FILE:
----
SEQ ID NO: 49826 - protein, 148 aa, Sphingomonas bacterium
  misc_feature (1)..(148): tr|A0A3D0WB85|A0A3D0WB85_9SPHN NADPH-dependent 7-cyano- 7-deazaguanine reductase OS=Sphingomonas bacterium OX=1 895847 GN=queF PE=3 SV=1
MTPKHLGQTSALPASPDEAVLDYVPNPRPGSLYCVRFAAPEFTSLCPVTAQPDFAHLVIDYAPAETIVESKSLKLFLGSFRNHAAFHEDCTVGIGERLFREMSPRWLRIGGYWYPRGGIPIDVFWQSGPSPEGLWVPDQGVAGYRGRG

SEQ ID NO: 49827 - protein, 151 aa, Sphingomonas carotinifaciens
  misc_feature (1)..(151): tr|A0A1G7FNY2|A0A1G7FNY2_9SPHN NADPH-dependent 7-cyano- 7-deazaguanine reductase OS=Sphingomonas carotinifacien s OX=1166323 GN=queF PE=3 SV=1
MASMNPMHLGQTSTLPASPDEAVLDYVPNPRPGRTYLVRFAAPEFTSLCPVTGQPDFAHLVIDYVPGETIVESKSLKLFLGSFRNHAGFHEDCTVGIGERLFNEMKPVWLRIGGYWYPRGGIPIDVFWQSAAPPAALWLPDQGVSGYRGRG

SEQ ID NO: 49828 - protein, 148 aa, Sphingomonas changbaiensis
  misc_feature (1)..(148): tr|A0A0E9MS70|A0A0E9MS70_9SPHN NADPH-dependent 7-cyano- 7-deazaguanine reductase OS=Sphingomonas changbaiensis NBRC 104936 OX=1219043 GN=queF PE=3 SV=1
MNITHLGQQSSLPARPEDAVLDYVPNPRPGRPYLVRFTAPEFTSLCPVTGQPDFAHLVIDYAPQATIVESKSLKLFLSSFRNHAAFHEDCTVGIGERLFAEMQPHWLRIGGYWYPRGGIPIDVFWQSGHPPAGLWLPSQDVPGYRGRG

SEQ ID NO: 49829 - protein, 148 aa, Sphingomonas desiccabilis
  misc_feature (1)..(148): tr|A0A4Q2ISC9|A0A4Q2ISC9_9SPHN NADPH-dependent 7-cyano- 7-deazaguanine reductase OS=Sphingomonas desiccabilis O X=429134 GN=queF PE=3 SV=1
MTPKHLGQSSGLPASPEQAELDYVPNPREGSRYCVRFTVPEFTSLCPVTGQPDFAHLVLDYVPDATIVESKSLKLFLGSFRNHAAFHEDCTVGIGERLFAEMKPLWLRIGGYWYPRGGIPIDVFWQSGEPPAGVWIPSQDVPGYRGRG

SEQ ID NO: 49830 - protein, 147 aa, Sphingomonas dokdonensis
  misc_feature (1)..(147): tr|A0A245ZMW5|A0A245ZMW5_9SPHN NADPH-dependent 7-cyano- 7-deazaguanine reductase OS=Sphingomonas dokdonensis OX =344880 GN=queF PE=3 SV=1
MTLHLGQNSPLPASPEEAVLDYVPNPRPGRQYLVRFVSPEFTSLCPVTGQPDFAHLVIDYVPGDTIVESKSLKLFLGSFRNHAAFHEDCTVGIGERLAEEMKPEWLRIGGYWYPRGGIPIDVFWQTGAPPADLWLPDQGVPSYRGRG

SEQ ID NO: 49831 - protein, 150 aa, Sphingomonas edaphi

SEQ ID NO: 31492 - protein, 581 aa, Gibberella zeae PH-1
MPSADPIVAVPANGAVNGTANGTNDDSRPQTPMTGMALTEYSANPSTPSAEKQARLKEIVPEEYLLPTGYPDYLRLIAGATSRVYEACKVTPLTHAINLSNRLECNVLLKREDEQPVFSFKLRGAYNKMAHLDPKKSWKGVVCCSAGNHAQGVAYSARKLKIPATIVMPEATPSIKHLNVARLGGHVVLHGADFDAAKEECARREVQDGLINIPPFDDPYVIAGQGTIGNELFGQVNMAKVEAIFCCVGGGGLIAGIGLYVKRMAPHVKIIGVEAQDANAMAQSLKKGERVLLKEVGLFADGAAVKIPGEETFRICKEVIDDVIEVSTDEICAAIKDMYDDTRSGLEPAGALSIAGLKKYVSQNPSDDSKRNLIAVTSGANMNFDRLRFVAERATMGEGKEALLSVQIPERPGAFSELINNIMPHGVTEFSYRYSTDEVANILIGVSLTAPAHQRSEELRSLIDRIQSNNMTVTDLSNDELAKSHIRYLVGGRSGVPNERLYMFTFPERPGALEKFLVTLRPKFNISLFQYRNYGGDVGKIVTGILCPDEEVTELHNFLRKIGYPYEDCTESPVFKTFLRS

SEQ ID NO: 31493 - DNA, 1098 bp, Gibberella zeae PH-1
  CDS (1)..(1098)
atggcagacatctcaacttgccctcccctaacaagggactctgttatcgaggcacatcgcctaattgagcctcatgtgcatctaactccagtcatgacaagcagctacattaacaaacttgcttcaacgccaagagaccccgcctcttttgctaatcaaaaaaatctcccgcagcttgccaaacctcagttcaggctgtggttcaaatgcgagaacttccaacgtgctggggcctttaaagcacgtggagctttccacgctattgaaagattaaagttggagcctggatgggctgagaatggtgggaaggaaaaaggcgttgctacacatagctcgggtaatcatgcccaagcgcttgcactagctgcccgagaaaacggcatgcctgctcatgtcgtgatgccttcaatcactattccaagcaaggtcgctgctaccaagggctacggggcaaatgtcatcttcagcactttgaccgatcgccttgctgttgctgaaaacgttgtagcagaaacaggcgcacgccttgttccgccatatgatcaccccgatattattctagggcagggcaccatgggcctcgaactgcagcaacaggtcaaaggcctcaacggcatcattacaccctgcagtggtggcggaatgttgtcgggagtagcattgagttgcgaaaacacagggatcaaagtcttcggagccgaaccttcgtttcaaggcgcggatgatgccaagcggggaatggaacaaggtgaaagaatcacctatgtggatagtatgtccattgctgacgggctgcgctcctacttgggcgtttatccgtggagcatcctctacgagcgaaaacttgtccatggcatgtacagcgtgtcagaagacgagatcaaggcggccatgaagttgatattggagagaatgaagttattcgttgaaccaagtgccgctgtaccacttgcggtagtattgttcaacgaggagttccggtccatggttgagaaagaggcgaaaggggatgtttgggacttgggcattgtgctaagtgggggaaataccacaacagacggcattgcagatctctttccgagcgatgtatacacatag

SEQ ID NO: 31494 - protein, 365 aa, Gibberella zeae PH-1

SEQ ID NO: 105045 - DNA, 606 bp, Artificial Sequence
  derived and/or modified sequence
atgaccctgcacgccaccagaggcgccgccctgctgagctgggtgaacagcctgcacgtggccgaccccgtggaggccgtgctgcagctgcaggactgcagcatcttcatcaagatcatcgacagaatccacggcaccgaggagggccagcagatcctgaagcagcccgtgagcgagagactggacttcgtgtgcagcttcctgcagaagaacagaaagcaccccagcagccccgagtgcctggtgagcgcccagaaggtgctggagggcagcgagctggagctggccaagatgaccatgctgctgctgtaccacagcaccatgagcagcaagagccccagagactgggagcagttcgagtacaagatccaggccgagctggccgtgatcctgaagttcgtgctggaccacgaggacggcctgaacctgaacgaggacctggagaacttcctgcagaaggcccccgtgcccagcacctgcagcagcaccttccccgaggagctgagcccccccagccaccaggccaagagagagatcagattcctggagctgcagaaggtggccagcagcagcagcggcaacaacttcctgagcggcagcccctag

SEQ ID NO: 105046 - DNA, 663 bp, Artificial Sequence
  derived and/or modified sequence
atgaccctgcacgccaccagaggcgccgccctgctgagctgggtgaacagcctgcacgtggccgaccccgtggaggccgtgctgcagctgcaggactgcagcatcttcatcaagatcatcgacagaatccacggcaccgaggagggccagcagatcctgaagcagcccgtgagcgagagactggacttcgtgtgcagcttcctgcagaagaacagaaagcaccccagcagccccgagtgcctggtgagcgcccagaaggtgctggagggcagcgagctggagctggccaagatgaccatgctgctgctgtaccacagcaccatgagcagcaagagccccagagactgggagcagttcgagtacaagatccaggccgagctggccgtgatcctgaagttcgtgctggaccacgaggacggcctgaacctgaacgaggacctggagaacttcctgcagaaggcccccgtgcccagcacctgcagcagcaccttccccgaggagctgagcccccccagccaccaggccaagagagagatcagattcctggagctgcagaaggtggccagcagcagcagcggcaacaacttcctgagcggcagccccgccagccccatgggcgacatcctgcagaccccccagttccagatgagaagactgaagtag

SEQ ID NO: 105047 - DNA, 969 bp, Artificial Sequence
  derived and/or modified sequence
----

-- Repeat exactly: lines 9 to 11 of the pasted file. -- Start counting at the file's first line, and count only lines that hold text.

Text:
MNITHLGQQSSLPARPEDAVLDYVPNPRPGRPYLVRFTAPEFTSLCPVTGQPDFAHLVIDYAPQATIVESKSLKLFLSSFRNHAAFHEDCTVGIGERLFAEMQPHWLRIGGYWYPRGGIPIDVFWQSGHPPAGLWLPSQDVPGYRGRG

SEQ ID NO: 49829 - protein, 148 aa, Sphingomonas desiccabilis
  misc_feature (1)..(148): tr|A0A4Q2ISC9|A0A4Q2ISC9_9SPHN NADPH-dependent 7-cyano- 7-deazaguanine reductase OS=Sphingomonas desiccabilis O X=429134 GN=queF PE=3 SV=1